As my title suggests, "Scream of Fear" (UK title) is barely known and this is hardly surprising since the film is very rarely shown in the UK and last time was put on at half past three in the morning - therefore unlikely to pick up many new admirers. I consider this to be very poor treatment of a movie that serves as a great example of the sort of thriller we used to be able to produce in this country. A brief summary of the story is that wheel-chair bound Penny Appleby travels to France to re-unite with her father who she has not seen for some nine years and to meet her new step-mother. Her father is not there when she arrives however and she begins to get suspicious that all is not as it seems... This can arguably be ranked among the best of the Hammer Horror series (though of course there are some other worthy contenders) with more emphasis on the cinematography, the script, the chilling atmosphere and great acting than things like painfully obvious plastic bats on strings that mar other efforts. The story is a little predictable and cliché, but it is well-worked and contains some genuine surprises and real chills. I saw some twists coming, but certainly not all. The similarity to Psycho is clear, but the tone also reminded me a little of another Hitchcock classic, Rebecca. The setting of the creepy French villa adds a great macabre touch to the proceedings, but the brilliant swimming pool scene is the one that sticks in the mind long after viewing. The filming of it in black and white is very effective and the lack of gaudy primary colours that dominate many of the Hammer films (due to the fact they were the first horror films in colour) is welcome. Of course this was filmed in Black Park in Buckinghamshire and not France but the production looks deceptively expensive. For anybody who hasn't seen it, do not expect this to be a Christopher Lee film (though it has been billed as such on the BBC) per se as his actual screen time is limited at best, though he makes a solid contribution as always. Instead it is left to Susan Strasberg, Ann Todd and Ronald Lewis to carry the film and they play their parts to perfection. "Scream of Fear" not available on DVD anywhere as far as I know except Japan, but this is well worth looking up for anybody who enjoys a good thriller or horror.
Scream of Fear aka Taste of Fear (1961) is a marvelous, unknown (at least to me) Hammer film. The story concerns a girl in a wheelchair going to live with her Dad whom she hasn't seen in years. Upon arrival, she meets her stepmother for the first time and is informed that her Dad is away on business. That night, she investigates a strange light in the summer house and discovers here dead father. In her horrified state, she falls into the pool. After she's revived, an investigation of the summer house reveals nothing. As the strange events continue to occur, the local doctor begins to doubt her sanity. But, with the help of the chauffeur, she's determined to get to the bottom of the mystery before she is either killed or driven insane. Anymore of the story would ruin it for anyone who hasn't seen the movie. I've seen some call Scream of Fear "predictable". While I agree to a certain extent, there are enough twists and turns in the plot to keep most anyone guessing. While I may have seen some of the events coming, I could have never guessed the ending. To me, it was an "edge of the seat" movie from start to finish. The acting is first rate. All four of the major characters are brilliantly played. Susan Strasberg is convincingly fragile as the wheelchair-bound Penny Appleby. Ronald Lewis and Ann Todd are perfect as the chauffeur and stepmother, respectively. And, although all he does is come to dinner and talk psycho mumbo jumbo, Christoper Lee is mysterious and convincing as Dr. Gerrard. Everything else about this film, from the beautiful black & white photography to the creepy score, is perfect. I've really got nothing bad to say.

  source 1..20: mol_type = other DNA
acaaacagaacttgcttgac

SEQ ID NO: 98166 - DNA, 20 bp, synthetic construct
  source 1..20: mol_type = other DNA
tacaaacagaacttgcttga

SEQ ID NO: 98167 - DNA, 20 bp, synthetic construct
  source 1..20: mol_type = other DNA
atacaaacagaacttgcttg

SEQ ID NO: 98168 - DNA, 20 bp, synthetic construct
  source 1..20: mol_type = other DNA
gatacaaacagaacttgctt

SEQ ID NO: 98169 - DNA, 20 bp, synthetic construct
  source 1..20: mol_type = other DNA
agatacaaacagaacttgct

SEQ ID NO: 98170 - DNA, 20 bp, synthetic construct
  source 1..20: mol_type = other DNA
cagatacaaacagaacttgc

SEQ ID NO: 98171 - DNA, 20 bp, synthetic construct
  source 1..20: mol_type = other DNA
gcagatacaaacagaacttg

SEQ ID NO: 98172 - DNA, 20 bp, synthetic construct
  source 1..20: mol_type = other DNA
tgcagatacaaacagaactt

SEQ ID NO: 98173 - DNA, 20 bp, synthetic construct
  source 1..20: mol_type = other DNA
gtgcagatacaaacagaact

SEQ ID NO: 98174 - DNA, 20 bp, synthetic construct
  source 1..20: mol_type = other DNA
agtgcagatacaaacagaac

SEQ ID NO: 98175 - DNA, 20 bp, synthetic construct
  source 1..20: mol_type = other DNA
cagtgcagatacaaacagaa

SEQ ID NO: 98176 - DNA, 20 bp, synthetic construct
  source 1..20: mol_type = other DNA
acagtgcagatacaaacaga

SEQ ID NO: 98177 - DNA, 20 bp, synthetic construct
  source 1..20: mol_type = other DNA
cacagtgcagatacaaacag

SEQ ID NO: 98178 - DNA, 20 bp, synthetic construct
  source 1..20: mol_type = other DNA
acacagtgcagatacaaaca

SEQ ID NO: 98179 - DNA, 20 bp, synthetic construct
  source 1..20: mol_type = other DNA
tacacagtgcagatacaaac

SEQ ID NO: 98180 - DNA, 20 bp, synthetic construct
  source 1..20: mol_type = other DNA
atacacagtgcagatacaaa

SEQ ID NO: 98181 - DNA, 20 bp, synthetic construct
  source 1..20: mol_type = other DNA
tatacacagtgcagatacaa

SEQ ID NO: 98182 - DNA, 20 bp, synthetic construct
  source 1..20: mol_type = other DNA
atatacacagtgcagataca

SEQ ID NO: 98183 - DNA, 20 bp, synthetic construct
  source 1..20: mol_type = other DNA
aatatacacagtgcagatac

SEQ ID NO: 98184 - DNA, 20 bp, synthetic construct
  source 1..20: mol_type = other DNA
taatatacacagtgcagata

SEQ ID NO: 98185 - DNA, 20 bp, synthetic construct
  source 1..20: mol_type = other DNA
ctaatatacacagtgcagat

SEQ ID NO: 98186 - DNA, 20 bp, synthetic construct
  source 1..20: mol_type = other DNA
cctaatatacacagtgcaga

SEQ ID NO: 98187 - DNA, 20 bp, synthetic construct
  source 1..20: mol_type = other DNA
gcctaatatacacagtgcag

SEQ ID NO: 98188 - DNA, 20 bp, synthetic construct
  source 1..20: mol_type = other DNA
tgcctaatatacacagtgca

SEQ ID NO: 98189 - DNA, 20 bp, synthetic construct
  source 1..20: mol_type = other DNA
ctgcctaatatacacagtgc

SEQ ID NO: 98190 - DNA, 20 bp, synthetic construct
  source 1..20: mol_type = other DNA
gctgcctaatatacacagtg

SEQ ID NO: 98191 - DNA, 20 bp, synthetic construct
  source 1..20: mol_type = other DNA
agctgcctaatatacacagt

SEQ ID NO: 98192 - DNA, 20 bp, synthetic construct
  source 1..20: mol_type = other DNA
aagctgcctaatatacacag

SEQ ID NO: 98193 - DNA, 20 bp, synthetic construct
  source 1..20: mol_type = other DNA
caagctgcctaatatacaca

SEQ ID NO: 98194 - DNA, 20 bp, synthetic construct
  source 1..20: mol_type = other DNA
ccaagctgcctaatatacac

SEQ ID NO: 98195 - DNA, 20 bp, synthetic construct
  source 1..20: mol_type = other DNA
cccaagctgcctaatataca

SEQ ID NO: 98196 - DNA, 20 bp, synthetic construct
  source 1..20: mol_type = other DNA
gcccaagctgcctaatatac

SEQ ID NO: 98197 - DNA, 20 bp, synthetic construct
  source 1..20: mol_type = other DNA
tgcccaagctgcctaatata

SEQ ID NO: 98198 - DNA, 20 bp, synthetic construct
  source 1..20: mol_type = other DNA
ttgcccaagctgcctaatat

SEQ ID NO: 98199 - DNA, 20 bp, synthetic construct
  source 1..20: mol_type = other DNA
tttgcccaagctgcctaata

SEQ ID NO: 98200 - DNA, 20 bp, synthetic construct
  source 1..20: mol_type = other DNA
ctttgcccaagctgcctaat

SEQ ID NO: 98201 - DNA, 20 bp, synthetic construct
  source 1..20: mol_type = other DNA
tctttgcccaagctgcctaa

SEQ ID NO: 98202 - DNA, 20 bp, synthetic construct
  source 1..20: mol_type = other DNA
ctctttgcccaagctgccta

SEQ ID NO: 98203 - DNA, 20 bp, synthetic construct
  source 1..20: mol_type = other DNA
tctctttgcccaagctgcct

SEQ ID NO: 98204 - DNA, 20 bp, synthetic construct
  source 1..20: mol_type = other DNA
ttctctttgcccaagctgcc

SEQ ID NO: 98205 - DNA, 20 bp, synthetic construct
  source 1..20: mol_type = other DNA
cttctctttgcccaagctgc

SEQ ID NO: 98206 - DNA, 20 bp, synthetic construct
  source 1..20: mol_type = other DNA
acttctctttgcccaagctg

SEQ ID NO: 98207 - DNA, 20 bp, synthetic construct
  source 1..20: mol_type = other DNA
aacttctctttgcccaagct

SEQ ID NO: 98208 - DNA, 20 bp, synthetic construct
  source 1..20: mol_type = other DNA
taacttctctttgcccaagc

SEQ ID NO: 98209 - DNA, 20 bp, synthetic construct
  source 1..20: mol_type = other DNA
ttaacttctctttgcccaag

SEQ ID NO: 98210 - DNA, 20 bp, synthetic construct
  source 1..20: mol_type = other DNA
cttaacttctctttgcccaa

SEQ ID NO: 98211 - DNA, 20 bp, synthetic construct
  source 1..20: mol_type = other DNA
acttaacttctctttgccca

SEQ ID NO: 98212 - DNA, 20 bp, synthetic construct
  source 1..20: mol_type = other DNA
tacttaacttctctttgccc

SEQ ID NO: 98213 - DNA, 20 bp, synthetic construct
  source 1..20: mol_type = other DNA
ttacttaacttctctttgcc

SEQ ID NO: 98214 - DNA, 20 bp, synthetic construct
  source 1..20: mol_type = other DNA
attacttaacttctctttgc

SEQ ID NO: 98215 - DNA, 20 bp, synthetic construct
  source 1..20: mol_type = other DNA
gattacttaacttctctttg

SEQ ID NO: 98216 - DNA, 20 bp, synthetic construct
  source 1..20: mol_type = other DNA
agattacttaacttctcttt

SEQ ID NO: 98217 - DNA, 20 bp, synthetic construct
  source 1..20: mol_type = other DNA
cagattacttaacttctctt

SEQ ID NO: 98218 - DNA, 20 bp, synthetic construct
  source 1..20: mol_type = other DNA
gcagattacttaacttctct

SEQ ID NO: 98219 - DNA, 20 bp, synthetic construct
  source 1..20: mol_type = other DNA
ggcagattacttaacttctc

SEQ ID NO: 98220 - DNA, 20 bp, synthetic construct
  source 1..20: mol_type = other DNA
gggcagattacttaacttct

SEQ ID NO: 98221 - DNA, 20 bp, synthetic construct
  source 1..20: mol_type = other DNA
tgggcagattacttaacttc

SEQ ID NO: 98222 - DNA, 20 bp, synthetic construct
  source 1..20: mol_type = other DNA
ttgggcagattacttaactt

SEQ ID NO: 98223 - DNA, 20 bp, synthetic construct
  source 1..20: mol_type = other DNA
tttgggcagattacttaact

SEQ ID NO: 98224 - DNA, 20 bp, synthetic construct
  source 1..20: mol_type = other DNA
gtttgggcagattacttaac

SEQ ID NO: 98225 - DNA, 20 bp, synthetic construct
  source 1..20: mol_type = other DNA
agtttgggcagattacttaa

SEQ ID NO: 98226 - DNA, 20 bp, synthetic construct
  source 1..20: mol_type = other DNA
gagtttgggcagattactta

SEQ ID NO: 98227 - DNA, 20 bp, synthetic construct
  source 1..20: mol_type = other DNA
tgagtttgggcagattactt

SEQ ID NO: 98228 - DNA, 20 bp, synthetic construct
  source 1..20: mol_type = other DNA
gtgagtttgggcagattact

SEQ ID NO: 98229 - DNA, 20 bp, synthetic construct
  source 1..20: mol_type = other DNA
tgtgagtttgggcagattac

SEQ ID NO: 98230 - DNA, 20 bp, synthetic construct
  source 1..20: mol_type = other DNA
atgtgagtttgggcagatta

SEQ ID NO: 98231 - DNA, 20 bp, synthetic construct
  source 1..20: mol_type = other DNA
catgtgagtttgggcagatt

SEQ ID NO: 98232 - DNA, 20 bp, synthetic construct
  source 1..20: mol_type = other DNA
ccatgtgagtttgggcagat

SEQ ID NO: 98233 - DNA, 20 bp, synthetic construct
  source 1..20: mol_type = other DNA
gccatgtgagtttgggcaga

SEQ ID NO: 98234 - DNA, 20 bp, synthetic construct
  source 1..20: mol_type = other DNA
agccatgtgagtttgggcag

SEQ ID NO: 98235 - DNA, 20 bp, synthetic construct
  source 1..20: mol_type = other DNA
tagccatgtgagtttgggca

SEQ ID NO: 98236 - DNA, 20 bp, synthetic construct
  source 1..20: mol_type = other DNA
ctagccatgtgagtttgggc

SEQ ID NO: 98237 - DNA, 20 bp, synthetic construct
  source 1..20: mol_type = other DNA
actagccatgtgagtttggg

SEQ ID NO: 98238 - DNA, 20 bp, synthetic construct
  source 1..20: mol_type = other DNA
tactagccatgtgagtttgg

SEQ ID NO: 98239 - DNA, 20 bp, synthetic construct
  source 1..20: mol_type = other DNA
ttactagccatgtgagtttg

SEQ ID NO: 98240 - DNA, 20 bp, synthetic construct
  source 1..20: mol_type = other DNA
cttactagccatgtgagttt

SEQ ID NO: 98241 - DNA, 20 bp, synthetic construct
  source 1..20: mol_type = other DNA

I had this movie so idealized in my mind from childhood, that I was afraid when I finally found it on video (after 4 solid years of searching!), that it wouldn't be as good as I remembered, but it holds up surprisingly well, thanks to director Holt's atmospheric direction and the crisp performances. What I recalled as the movie's biggest fright (the swimming pool) isn't all that scary, but the twist-ending surprise (no spoilers here!) still caught me off guard, and the last couple of minutes of the movie are genuinely suspenseful and more than cap the film's slow, steady buildup. All in all, a wonderful little chiller. Now, if I could only find my other, hard-to-find treasure, "Twisted Nerve"--anyone know if it holds up well? Anyone know where to find it on video or DVD?